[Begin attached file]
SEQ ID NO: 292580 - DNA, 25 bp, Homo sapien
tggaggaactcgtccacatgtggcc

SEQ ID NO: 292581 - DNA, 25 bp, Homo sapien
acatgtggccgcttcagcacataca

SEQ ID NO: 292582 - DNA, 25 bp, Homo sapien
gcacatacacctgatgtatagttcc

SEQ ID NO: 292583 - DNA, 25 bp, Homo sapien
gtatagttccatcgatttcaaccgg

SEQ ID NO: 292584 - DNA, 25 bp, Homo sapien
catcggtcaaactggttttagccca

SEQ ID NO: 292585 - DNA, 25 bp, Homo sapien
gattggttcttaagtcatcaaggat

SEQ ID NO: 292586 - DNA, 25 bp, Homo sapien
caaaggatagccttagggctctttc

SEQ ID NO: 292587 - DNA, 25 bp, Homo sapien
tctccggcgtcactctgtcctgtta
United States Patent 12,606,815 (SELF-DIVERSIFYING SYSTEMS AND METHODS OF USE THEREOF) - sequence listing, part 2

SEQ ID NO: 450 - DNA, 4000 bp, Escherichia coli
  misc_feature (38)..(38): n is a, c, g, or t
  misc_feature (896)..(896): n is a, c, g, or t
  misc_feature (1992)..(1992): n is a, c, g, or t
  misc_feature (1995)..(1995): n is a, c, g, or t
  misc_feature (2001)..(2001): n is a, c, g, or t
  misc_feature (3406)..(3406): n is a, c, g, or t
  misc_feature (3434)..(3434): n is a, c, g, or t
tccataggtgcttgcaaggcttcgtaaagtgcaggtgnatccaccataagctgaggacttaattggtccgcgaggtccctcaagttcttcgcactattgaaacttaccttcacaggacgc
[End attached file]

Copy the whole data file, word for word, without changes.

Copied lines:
SEQ ID NO: 292580 - DNA, 25 bp, Homo sapien
tggaggaactcgtccacatgtggcc

SEQ ID NO: 292581 - DNA, 25 bp, Homo sapien
acatgtggccgcttcagcacataca

SEQ ID NO: 292582 - DNA, 25 bp, Homo sapien
gcacatacacctgatgtatagttcc

SEQ ID NO: 292583 - DNA, 25 bp, Homo sapien
gtatagttccatcgatttcaaccgg

SEQ ID NO: 292584 - DNA, 25 bp, Homo sapien
catcggtcaaactggttttagccca

SEQ ID NO: 292585 - DNA, 25 bp, Homo sapien
gattggttcttaagtcatcaaggat

SEQ ID NO: 292586 - DNA, 25 bp, Homo sapien
caaaggatagccttagggctctttc

SEQ ID NO: 292587 - DNA, 25 bp, Homo sapien
tctccggcgtcactctgtcctgtta
United States Patent 12,606,815 (SELF-DIVERSIFYING SYSTEMS AND METHODS OF USE THEREOF) - sequence listing, part 2

SEQ ID NO: 450 - DNA, 4000 bp, Escherichia coli
  misc_feature (38)..(38): n is a, c, g, or t
  misc_feature (896)..(896): n is a, c, g, or t
  misc_feature (1992)..(1992): n is a, c, g, or t
  misc_feature (1995)..(1995): n is a, c, g, or t
  misc_feature (2001)..(2001): n is a, c, g, or t
  misc_feature (3406)..(3406): n is a, c, g, or t
  misc_feature (3434)..(3434): n is a, c, g, or t
tccataggtgcttgcaaggcttcgtaaagtgcaggtgnatccaccataagctgaggacttaattggtccgcgaggtccctcaagttcttcgcactattgaaacttaccttcacaggacgc